Orion is clearly visible in the southeast in the evenings now, the hunter rising each night through the bare branches of trees as the deer behind our house snort and stomp off to find a place to sleep. I was thinking about how we’re now in the hunting season when I read an article about a fisherman in the town of Talamone, Italy, who’s gotten sculptors to create an underwater art gallery to stop fishing. Specifically the underwater sculptures are there to block trawlers which scrape the bottom, dredging up everything to harvest a few more fish and to do it more cheaply than traditional net fishing. Trawlers are illegal close to the coast but the local authorities weren’t doing anything to stop them, especially when they’d go out and do their trawling in the middle of the night, so a local fisherman named Paolo Fanciulli, who sounds like a pretty cool guy, started going after them himself. First he scared them away with a big spotlight, but that was only a temporary solution. Then he got the brilliant idea of sinking large blocks of marble in the bay to block the trawlers. And sculptors stepped up to make the blocks of marble works of art, like this one:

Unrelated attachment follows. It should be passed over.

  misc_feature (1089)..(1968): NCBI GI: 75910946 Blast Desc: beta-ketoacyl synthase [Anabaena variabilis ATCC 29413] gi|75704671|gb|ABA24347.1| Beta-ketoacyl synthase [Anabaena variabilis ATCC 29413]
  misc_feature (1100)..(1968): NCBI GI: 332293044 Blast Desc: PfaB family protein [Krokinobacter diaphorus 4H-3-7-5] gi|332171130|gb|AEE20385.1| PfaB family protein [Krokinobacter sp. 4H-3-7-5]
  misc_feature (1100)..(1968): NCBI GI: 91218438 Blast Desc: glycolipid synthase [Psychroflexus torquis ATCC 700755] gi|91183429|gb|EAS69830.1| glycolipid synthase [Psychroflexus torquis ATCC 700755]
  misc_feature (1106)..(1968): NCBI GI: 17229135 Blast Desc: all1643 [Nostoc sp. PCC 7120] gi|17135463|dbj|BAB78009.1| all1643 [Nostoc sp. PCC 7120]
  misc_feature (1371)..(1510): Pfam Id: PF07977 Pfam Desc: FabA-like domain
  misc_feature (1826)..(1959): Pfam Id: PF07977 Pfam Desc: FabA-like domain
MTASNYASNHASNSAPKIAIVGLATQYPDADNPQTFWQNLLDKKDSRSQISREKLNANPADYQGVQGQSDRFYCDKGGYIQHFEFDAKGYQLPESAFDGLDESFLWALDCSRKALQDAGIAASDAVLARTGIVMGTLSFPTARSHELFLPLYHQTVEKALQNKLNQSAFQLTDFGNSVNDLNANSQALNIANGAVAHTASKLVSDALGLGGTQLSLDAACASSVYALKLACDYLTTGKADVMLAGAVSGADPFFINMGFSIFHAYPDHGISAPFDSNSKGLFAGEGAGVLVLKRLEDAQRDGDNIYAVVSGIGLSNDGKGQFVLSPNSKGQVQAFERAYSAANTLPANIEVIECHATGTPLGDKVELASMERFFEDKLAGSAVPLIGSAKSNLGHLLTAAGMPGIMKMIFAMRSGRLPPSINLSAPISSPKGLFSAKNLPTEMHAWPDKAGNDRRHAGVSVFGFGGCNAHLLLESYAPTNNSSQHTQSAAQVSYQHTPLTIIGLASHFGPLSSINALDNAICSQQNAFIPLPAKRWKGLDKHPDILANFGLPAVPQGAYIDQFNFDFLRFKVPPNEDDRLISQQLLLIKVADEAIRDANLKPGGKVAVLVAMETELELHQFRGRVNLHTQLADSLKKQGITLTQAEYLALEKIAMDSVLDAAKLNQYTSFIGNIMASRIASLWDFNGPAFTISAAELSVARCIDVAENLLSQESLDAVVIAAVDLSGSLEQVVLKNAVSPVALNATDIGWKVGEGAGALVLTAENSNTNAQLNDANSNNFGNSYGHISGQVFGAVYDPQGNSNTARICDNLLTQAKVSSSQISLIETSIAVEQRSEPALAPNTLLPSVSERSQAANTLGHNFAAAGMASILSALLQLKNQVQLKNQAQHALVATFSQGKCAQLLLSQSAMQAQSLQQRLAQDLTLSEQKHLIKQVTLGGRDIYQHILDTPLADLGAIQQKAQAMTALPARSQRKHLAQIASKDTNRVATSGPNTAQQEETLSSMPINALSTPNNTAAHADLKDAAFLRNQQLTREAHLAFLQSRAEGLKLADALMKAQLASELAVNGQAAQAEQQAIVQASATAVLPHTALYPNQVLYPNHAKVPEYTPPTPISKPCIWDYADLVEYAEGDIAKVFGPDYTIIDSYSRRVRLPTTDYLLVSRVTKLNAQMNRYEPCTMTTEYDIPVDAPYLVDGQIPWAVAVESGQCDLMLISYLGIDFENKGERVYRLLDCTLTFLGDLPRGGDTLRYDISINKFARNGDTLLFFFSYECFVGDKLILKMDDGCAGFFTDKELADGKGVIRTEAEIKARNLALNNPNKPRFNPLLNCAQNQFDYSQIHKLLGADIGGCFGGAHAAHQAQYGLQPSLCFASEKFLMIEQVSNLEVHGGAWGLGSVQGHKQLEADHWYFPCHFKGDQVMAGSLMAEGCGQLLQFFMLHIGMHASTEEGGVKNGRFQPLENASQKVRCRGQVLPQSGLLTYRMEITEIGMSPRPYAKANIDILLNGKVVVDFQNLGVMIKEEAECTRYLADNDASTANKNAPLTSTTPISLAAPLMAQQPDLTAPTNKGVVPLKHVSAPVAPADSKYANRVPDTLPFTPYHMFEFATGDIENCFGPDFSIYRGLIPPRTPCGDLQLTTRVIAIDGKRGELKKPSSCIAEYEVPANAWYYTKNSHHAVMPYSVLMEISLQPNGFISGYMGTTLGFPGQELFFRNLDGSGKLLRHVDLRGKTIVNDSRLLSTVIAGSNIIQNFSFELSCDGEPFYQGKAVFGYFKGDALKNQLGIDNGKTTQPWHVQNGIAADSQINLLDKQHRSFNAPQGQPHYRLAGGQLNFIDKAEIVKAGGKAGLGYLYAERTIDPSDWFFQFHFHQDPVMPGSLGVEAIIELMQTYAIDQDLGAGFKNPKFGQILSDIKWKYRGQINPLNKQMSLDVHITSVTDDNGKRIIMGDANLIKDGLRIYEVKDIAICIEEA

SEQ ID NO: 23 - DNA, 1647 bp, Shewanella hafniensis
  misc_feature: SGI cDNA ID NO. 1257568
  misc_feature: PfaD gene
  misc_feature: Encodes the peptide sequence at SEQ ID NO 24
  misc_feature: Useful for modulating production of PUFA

There are thirty-nine blocks in the bay now.
It’s not just preventing illegal fishing. It’s allowing sea grass, which traps large amounts of carbon and which had been destroyed by the trawlers, to come back and flourish, which, in turn, creates a healthy environment for fish which is what fishermen want.
Of course fishermen also pull fish out of the water and kill them because, hey, we’ve all gotta eat, and that’s just the nature of, well, nature: something has to die so something else can live, but there also has to be a balance, a harmony to it–a way to create space for new life. Trawling isn’t sustainable and it’s the only thing that should die permanently.